Friday, February 26, 2010

NYT Friday 2/26/10 - A Drag on Time

This Friday New York Times crossword seemed to start off quite well. I threw in a few gimmes and tentative guesses all over the grid, but got the best start in the NE corner. Once I finished that, I worked downwards, getting boy meets girl, the first of the long central acrosses.

I had hoped this would unlock the other two long answers in the sandwich, but I struggled to see how they both started (having content at 21-Down was part of the problem) and opted instead to deal with the SE corner. Once I had the ending of 31-Across, I could finally see Mexican standoff, and opted to work down from there, which just left the NW corner to go after 21 minutes.

This was all very promising, but there was a significant stumbling block still to deal with. After 24 minutes, I just had the square at the crossing of 13-Across and 3-Down to go and I couldn't see what was going on. My instinct right from the start was to go for Elkes, but the only Clijsters I knew was Kim and I couldn't see how {Participate in drag?} led to peel out in either the cross-dressing or haulage sense of drag.

Eventually, I just had to give up and hope my guess was right. And so it turned out to be, with "drag" being used in a sense I hadn't even thought of. So for me, this was a nice smooth themeless with that one annoyance, but maybe that was just my experience. It does seem, however, that Elke Clijsters rather lacks the prominence one would expect, even in an end-of-week puzzle ... why not Elke Sommers?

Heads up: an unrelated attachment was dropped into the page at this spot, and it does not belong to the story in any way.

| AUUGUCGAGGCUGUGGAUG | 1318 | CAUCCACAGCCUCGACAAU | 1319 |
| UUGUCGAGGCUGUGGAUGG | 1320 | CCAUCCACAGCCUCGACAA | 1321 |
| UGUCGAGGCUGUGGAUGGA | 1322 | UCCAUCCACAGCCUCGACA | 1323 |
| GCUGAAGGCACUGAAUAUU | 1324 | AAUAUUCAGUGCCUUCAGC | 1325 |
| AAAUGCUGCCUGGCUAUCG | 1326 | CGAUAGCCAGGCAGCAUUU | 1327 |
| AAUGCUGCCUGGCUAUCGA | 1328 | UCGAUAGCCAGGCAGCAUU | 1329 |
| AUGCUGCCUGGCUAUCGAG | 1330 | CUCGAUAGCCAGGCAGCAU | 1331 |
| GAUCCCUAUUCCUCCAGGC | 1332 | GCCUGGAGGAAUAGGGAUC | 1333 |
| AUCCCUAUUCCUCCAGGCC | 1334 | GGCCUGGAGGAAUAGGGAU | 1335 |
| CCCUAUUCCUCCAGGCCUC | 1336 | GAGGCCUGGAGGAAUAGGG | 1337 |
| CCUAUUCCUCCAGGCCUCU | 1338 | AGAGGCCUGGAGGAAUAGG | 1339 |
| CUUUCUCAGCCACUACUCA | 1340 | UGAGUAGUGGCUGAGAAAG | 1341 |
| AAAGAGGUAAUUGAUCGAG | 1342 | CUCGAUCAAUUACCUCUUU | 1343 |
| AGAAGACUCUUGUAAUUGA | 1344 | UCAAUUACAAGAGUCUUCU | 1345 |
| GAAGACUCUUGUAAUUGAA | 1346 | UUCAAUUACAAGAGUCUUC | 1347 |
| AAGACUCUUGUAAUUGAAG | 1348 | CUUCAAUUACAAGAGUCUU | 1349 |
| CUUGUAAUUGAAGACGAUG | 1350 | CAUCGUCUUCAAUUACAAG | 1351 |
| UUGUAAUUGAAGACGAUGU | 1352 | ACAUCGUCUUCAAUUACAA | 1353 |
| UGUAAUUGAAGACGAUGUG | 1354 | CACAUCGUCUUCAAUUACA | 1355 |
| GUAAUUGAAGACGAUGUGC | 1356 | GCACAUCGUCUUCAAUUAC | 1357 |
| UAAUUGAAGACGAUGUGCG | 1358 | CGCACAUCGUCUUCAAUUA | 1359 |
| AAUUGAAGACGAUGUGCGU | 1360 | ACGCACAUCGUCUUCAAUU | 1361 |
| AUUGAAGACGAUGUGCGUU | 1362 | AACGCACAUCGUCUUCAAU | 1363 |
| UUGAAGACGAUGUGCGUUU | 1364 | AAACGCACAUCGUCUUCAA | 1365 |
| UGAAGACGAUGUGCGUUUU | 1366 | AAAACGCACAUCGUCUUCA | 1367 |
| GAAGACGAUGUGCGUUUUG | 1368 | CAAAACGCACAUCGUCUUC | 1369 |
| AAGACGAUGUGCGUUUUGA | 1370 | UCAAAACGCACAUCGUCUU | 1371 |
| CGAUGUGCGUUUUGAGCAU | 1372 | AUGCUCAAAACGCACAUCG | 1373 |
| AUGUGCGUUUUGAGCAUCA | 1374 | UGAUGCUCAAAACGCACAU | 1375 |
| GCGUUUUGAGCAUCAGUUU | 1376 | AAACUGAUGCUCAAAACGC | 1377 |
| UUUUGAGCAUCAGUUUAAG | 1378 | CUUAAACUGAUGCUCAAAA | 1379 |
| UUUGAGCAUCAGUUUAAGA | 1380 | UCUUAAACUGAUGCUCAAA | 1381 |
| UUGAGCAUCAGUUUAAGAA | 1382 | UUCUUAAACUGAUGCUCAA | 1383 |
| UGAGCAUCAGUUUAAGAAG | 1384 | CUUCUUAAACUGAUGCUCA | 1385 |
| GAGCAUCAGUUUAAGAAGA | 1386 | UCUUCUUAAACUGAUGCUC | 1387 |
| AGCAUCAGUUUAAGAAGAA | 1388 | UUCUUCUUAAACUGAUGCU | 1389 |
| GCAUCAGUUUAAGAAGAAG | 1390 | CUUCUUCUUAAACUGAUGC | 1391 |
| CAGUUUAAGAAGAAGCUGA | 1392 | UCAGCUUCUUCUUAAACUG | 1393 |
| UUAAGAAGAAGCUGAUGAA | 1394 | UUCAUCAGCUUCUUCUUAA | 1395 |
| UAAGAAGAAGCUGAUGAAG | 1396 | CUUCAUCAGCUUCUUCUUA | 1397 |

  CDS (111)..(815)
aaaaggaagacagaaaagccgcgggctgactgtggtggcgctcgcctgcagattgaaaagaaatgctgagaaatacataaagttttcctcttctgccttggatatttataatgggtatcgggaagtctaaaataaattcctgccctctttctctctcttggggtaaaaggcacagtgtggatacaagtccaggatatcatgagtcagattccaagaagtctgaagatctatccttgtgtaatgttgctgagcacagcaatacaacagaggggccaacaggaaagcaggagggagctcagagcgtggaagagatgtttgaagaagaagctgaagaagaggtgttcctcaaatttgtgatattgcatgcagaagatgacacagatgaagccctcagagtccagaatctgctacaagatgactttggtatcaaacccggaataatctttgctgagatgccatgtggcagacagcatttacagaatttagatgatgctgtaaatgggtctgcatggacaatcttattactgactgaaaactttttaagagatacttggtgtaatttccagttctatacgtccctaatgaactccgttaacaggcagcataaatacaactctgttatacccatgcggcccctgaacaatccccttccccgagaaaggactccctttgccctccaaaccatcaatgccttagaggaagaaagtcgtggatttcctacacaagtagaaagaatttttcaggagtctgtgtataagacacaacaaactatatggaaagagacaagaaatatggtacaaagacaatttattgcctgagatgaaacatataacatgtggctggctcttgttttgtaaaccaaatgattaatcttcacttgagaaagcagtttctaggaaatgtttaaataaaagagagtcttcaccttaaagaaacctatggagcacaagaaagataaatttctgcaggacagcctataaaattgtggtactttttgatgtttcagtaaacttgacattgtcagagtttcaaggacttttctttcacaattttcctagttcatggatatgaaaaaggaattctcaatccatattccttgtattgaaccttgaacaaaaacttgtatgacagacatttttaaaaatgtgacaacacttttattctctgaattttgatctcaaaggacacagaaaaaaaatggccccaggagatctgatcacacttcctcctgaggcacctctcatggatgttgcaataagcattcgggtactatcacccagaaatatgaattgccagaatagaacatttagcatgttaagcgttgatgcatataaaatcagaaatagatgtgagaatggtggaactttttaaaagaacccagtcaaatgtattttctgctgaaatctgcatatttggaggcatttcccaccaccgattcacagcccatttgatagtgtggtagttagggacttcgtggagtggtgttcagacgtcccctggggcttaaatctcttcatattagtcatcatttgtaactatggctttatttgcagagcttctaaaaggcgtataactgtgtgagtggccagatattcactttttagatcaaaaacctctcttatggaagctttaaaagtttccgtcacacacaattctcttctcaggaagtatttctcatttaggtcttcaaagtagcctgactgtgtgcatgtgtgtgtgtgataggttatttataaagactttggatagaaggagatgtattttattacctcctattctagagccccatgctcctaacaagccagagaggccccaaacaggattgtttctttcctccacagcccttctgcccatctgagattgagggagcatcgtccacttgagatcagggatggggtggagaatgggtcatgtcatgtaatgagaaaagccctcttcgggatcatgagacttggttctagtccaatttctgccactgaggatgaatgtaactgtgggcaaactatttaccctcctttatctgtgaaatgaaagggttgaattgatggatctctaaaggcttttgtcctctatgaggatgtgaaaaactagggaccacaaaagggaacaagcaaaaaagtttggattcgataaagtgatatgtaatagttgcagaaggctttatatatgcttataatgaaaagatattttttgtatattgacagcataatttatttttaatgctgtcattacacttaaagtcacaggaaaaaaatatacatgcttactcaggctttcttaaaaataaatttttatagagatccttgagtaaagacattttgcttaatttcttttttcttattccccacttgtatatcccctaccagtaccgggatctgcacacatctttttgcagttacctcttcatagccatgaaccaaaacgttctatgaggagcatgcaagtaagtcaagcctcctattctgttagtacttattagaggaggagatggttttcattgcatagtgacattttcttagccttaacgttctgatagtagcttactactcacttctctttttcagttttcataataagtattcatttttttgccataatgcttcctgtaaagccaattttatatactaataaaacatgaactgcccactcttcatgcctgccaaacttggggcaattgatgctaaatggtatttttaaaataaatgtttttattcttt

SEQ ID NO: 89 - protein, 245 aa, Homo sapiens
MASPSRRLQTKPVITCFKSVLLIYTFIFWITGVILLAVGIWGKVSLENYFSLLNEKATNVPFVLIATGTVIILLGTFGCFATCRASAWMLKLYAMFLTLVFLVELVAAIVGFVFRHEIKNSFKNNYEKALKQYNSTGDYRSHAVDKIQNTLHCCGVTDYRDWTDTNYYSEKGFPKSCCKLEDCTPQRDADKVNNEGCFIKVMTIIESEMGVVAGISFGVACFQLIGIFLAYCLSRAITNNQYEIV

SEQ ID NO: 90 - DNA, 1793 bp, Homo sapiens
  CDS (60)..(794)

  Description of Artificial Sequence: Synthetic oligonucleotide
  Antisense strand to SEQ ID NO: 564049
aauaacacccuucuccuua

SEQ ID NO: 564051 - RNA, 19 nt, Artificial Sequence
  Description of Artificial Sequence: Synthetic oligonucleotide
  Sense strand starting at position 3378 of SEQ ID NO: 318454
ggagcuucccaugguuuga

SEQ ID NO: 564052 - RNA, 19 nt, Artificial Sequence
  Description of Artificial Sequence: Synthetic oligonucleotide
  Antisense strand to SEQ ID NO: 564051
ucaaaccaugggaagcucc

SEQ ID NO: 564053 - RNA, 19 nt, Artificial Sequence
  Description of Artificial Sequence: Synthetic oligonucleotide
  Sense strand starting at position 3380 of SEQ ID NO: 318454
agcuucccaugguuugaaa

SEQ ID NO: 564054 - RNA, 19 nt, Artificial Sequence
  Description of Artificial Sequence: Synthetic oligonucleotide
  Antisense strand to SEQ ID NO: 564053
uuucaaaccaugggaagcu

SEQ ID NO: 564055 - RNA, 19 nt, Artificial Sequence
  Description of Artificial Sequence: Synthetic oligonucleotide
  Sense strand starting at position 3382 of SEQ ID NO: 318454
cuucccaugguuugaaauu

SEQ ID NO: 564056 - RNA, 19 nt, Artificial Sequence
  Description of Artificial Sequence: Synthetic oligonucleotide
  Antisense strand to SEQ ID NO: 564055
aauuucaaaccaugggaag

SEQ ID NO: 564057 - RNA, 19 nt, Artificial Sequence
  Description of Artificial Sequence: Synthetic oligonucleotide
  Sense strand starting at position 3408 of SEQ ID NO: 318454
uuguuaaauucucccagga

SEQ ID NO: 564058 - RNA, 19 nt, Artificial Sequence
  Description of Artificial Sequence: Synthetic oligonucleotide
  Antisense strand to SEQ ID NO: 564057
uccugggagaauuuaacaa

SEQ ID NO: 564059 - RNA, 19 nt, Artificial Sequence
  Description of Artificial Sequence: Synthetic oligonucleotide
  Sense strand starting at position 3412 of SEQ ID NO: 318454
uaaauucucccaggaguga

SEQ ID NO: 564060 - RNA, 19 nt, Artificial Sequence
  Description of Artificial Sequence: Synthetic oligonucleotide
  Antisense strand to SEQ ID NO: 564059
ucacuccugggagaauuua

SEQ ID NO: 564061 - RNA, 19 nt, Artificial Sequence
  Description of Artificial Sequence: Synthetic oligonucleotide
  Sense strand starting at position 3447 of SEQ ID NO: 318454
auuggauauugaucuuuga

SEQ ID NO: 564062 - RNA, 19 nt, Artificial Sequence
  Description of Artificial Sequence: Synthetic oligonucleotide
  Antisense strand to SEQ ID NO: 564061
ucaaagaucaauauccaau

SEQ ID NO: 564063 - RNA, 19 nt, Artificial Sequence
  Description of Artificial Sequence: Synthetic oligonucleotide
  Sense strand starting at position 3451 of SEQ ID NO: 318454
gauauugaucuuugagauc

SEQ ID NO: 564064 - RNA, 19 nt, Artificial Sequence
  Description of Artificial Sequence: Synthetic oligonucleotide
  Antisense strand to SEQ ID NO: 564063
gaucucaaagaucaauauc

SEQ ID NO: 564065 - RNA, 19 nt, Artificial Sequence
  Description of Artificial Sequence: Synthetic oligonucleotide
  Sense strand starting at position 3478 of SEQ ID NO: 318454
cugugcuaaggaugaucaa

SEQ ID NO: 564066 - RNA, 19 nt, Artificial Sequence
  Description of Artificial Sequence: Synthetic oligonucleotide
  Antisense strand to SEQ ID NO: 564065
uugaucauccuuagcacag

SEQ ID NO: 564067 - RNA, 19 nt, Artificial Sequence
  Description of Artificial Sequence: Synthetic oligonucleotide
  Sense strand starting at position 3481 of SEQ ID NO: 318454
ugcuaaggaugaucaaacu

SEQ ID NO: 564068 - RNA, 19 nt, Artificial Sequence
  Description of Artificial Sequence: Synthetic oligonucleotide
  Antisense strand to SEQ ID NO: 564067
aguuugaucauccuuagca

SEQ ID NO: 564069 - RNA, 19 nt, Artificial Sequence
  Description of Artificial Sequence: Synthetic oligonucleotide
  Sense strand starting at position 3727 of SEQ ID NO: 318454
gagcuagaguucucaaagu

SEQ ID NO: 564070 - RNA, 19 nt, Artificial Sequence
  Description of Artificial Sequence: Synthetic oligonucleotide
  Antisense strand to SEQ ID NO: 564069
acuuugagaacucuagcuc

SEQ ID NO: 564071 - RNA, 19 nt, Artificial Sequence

Cheshire CatI like the way 21a Cheshire {Lewis Carroll's birthplace} is clued, generously hinting at the Cheshire Cat, although I don't think there's a known connection between Carroll's birth in Daresbury, and his popularization of the grinning moggy. Note that the Cheshire Cat didn't originate with Carroll, as it appeared in print as early as 1792 "Lo, like a Cheshire cat our court will grin" (Peter Pindar's Pair of Lyric Epistles).

I've added a new feature to the sidebar of the blog today: a list of constructors based on the post labels. The number in brackets following the constructor shows the number of posts including a puzzle by that constructor. That doesn't quite correspond to a count of their NYT puzzles since I began blogging at the start of 2009 (because the ACPT posts also have constructor labels) but comes close. I hope readers find that useful ... I just have to remember to add new constructors to the list, like Josh Knapp today.
Solving time: 32 mins (solo, no solving aids)
Clue of the puzz: 43d haunt {Go to a lot}
Solution

Josh Knapp
Grid art by Sympathy [about the grid colors]

Crucimetrics [about Crucimetrics]
CompilersJosh Knapp / Will Shortz
Grid15x15 with 32 (14.2%) black squares
Answers66 (average length 5.85)
Theme squares0 (0.0%)
Scrabble points321 (average 1.66)
Letters usedABCDEFGHIJKLMNOPQRSTUVWXYZ
Video of the Day